Hardwood is a solid and heavy wood due to its high fiber content and its narrow vascular structure . The term was originally of a customs nature and was used for wood with a kiln density above 0.55 g / cm 3 (for example beech , oak , ash ). Mostly due to slow growth, the wood is dense and hard and difficult to work with. Very heavy wood over 1 g / cm 3 is called ironwood .
However, the properties of the wood are not always uniform across the board for a variety. For example, in Central Europe the birch is considered to be relatively worthless, mechanically weak softwood . If, on the other hand, the same tree species grows in very unfavorable locations such as in Central Europe on a northern slope with little light in the moor or in northern Scandinavia , then the annual growth remains very low and the annual rings are close together. The wood then becomes harder and more resistant, so that birch wood is traded like hardwood in Finland.
The English term hardwood should not be translated as hardwood, but rather as hardwood ; this term describes the origin of the wood and only indirectly the wood properties, since hardwoods are usually harder than conifers , but there are also soft hardwoods such as willow or poplar .
The hardness or density of the wood is not directly related to its durability when attacked by fungi and pests. For example, beech, ash or maple are among the least durable indigenous woods. Some soft woods such as larch or Douglas fir are relatively durable. The mechanical resilience is usually high in hardwoods, such as B. show the use of letters made of beech wood and antique comb- teeth made of ash wood.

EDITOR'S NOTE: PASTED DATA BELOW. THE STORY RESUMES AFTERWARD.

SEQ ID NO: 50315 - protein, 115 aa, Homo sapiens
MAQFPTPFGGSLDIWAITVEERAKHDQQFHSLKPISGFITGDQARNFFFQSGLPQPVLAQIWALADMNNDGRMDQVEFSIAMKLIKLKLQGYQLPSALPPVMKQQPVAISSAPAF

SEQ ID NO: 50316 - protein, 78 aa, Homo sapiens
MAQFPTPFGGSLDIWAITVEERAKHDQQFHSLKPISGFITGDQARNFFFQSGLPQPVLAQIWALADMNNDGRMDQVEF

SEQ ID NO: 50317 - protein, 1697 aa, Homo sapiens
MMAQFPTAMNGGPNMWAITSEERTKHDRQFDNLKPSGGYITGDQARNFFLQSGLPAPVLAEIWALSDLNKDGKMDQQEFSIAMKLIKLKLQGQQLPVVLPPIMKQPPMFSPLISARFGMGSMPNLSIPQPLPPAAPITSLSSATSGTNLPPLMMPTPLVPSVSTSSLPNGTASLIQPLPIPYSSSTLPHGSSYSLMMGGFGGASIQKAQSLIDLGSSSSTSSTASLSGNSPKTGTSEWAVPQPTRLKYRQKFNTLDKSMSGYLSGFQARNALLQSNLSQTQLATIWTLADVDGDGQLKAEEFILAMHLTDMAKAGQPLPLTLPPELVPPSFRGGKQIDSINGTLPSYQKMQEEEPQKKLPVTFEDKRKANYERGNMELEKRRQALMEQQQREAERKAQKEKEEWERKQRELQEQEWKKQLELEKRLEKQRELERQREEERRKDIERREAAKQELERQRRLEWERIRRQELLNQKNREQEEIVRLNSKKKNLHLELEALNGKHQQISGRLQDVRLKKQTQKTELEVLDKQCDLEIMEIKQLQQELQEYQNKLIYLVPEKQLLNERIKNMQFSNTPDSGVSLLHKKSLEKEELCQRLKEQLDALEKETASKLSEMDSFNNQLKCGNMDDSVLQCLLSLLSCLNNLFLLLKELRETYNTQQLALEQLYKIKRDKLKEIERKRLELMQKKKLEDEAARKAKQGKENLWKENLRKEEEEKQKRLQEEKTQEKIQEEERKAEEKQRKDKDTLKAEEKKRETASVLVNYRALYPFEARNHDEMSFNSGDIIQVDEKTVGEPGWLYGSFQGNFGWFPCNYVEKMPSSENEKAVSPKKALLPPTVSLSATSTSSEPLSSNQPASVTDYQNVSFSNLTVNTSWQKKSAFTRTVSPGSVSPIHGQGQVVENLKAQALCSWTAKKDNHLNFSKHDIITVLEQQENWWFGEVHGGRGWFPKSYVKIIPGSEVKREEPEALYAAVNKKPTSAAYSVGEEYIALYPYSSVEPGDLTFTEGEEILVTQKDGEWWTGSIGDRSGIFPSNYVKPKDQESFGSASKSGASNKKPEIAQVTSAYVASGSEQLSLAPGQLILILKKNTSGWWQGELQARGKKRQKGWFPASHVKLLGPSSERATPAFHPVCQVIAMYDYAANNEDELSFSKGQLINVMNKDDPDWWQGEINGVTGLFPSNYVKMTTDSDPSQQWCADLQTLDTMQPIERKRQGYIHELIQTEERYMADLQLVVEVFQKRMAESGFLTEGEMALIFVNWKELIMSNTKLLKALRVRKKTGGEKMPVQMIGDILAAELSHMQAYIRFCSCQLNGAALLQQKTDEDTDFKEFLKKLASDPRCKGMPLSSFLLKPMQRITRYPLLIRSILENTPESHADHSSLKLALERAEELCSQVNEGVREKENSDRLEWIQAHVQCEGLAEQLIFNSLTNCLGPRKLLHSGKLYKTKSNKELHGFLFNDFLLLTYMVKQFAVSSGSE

- Murray W. Nabors, Renate Scheibe: Botany. Pearson Education, Munich 2007, ISBN 978-3-8273-7231-4 .
- Explanation and table with types of wood sorted according to density on kaminholz-wissen.de.
- Solid wood hardwoods - softwoods (accessed on June 19, 2020)
- List of wood species (accessed June 19, 2020)
- Wood science (accessed June 19, 2020)
- Investigation of different properties of West African wood species under the aspect of their use for engineering structures (accessed on June 19, 2020)
- Stefan Döring: Pellets as an energy source. Springer, 2011, ISBN 978-3-642-01623-3 , p. 45.